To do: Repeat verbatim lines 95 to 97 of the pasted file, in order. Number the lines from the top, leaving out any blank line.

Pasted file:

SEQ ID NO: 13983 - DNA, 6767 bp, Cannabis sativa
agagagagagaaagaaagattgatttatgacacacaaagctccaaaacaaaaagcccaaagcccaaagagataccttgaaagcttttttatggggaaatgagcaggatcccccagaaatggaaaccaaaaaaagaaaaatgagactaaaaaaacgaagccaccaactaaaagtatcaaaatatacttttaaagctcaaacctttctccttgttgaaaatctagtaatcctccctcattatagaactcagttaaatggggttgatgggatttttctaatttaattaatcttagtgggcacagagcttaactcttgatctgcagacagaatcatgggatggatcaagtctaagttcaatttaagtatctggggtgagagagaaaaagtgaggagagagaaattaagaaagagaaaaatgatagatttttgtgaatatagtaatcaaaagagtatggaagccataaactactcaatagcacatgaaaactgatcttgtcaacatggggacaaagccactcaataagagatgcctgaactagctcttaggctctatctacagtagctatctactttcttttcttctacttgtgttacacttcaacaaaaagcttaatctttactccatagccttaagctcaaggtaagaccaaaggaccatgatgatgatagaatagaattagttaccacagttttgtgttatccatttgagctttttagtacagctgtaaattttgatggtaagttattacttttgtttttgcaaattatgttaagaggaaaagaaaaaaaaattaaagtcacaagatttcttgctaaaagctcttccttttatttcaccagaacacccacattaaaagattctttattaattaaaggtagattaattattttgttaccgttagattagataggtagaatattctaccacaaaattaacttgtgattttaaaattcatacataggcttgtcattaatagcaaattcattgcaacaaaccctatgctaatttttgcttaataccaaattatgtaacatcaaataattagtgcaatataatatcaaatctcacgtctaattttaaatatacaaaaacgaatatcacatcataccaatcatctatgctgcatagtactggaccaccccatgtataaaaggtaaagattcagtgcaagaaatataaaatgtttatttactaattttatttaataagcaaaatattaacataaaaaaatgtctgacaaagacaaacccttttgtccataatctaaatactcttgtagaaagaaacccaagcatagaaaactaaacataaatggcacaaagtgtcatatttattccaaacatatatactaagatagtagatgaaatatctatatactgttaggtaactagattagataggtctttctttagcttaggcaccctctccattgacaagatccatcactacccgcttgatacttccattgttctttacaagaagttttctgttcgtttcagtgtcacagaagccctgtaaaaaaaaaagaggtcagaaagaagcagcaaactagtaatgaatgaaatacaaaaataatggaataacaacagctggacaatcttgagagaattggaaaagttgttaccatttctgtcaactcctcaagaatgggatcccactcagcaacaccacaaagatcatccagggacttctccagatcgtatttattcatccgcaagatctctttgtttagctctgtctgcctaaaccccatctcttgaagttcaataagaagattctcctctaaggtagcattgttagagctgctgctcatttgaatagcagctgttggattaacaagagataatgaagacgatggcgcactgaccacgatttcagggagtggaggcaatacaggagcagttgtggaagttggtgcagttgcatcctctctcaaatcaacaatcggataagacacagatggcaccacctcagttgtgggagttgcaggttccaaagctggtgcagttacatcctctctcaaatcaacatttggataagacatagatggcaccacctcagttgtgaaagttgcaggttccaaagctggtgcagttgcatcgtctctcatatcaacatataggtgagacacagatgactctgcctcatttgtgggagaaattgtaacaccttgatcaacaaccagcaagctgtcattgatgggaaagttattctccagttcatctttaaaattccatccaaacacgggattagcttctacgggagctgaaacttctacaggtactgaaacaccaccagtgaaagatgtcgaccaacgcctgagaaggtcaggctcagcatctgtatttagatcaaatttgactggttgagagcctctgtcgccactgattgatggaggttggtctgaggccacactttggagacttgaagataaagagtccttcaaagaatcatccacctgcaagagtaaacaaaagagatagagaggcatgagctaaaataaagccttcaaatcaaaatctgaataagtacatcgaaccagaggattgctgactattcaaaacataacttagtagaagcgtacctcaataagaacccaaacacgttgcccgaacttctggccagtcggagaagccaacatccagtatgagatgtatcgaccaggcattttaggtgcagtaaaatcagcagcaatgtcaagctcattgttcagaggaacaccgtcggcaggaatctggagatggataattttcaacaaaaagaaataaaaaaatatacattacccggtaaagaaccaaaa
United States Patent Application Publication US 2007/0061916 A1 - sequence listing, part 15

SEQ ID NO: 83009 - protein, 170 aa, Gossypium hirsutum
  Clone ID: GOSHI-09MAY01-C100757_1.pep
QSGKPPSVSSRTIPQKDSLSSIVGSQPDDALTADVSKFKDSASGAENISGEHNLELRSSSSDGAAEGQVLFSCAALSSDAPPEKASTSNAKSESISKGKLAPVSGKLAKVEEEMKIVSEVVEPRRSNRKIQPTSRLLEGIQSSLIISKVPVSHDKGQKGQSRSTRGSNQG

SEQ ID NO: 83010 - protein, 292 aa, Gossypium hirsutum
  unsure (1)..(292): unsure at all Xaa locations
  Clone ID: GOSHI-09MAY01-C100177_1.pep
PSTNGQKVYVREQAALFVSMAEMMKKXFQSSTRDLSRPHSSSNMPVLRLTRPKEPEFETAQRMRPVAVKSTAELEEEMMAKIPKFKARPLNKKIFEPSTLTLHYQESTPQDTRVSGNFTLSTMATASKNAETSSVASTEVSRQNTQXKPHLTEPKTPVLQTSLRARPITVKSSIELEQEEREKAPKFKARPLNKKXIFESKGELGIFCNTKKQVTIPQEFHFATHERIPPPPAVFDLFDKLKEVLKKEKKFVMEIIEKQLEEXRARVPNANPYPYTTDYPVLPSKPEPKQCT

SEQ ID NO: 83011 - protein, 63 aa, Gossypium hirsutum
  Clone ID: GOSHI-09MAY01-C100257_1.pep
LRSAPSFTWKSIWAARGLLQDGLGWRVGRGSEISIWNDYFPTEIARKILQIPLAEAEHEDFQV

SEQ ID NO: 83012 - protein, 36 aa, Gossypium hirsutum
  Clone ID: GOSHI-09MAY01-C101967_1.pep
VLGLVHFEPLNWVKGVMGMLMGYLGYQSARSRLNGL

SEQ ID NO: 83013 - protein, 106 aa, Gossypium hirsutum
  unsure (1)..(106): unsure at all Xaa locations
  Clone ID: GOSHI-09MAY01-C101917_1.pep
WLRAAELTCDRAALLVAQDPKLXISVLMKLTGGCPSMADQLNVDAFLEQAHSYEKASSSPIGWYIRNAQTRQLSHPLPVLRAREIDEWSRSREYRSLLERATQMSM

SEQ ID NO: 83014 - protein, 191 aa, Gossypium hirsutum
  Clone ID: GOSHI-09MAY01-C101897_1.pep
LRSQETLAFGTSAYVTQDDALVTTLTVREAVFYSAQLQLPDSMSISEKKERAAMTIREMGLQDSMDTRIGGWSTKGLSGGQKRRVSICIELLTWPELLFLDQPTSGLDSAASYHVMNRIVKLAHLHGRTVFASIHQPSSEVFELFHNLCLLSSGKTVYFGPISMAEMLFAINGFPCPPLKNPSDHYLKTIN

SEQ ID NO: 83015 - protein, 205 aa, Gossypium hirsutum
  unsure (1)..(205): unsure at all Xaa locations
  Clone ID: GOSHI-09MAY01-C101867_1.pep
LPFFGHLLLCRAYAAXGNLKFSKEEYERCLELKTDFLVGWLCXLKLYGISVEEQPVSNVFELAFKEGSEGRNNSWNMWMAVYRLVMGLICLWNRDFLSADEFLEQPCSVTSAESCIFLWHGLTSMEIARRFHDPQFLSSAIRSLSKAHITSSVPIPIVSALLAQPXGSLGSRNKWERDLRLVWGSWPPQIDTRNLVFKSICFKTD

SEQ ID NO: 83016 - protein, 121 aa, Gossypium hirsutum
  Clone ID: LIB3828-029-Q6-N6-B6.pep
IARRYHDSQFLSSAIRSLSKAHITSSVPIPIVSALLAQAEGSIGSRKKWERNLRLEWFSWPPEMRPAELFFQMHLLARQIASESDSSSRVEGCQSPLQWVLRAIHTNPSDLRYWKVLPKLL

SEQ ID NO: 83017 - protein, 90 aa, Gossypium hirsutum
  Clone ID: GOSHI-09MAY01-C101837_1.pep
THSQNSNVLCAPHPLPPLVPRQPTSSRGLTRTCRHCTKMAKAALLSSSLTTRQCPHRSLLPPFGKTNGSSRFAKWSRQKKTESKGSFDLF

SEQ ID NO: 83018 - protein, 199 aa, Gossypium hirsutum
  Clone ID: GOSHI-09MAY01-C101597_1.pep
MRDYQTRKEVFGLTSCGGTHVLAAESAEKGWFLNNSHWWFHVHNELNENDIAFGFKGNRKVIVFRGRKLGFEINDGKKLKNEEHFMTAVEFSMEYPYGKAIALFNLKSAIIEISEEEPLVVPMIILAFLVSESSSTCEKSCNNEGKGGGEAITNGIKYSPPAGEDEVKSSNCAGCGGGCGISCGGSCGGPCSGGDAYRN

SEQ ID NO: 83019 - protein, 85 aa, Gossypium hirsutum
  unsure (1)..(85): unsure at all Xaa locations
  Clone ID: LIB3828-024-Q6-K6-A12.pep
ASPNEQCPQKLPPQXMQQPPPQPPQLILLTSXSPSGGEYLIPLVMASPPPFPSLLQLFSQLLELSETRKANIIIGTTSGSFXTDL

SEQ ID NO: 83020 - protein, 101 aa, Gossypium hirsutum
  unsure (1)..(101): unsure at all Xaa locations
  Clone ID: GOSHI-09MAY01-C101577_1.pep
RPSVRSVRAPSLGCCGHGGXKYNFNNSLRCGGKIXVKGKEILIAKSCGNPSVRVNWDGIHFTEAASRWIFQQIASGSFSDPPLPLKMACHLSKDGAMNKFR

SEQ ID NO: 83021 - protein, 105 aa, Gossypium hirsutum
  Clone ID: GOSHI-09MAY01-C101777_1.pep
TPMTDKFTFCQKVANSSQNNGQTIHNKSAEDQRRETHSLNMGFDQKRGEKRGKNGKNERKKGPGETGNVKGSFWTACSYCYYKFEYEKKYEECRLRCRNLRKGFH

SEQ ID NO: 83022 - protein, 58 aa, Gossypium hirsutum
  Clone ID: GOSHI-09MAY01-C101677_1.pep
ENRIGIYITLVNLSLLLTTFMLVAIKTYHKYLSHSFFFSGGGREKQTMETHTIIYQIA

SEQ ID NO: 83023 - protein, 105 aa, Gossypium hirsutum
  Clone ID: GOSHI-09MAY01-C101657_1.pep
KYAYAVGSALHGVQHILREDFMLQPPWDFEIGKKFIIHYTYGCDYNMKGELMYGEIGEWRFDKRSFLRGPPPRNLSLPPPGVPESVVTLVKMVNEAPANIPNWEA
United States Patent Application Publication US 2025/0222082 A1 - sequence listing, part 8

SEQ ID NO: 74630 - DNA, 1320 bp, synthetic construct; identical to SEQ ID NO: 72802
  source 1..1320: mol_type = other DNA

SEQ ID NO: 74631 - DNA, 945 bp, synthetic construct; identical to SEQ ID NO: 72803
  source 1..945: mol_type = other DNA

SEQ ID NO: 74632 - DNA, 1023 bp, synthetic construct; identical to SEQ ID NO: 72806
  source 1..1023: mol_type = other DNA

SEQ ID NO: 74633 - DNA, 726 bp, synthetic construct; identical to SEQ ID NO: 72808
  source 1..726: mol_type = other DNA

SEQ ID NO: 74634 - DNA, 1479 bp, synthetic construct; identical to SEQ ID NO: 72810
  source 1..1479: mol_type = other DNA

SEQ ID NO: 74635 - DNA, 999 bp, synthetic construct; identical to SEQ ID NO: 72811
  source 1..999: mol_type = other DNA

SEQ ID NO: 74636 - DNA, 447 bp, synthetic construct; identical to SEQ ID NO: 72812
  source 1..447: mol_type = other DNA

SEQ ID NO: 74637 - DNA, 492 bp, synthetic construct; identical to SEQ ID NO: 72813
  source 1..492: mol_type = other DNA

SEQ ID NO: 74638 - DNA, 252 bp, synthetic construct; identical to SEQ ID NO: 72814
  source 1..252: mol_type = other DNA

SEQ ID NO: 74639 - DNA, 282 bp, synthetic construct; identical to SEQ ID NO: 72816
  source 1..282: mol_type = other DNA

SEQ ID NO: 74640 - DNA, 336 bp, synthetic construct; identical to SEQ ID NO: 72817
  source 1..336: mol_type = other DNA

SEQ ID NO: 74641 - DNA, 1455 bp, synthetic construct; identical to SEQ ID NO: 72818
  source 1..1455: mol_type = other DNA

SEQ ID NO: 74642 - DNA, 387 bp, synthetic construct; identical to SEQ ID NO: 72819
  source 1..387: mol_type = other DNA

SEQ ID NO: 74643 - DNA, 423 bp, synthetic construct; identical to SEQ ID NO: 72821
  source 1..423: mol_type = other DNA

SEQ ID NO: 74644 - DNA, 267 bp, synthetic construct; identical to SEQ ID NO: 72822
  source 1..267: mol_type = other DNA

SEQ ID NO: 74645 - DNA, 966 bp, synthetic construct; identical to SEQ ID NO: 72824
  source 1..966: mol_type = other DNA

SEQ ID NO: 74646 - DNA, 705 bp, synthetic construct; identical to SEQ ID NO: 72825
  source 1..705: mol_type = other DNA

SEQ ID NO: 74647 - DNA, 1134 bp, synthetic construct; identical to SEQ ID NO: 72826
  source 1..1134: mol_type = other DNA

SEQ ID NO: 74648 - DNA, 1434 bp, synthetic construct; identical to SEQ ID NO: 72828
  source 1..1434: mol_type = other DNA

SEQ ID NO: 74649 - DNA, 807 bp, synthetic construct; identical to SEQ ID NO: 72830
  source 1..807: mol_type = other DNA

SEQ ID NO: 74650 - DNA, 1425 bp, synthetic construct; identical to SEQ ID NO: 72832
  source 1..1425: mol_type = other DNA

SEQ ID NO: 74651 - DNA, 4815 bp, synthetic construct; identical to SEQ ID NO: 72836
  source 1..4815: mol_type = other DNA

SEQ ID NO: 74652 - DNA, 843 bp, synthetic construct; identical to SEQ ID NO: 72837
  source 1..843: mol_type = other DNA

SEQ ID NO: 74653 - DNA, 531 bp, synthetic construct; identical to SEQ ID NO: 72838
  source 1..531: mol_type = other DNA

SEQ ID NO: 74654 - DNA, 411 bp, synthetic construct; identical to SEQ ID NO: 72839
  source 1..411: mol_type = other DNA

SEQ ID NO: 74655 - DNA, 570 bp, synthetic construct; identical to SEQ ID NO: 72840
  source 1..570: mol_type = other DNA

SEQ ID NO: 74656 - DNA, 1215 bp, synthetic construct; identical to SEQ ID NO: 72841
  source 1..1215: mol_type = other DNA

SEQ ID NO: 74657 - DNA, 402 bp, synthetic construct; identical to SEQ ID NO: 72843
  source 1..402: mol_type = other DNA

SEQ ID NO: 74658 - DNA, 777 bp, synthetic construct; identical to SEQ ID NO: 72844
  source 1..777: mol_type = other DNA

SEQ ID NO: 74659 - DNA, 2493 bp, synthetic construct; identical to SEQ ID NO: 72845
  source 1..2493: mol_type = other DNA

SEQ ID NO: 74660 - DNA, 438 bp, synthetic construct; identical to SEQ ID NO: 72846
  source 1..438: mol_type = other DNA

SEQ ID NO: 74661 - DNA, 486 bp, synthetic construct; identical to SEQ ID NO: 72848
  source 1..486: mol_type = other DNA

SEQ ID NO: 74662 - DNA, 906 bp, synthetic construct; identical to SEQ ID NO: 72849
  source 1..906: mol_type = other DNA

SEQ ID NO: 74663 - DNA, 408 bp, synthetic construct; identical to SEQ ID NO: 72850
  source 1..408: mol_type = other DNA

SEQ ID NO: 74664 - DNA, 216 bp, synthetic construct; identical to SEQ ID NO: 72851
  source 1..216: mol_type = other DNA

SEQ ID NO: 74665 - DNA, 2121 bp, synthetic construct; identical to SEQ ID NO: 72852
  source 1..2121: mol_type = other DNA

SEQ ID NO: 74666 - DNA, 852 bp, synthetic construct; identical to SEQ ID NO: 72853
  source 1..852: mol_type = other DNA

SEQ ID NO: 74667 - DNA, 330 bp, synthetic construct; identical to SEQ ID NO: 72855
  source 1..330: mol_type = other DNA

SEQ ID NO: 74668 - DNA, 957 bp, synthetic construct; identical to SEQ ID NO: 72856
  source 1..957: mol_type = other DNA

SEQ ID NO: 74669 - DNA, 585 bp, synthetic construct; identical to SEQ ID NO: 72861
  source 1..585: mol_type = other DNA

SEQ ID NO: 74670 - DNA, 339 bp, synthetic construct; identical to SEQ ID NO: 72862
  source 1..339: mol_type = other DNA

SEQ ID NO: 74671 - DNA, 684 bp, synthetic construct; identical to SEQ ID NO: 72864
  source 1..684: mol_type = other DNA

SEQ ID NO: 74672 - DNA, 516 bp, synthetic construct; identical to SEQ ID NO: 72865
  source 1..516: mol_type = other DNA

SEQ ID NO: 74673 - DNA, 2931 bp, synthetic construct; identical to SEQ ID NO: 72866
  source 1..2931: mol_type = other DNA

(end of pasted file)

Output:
SEQ ID NO: 74650 - DNA, 1425 bp, synthetic construct; identical to SEQ ID NO: 72832
  source 1..1425: mol_type = other DNA

SEQ ID NO: 74651 - DNA, 4815 bp, synthetic construct; identical to SEQ ID NO: 72836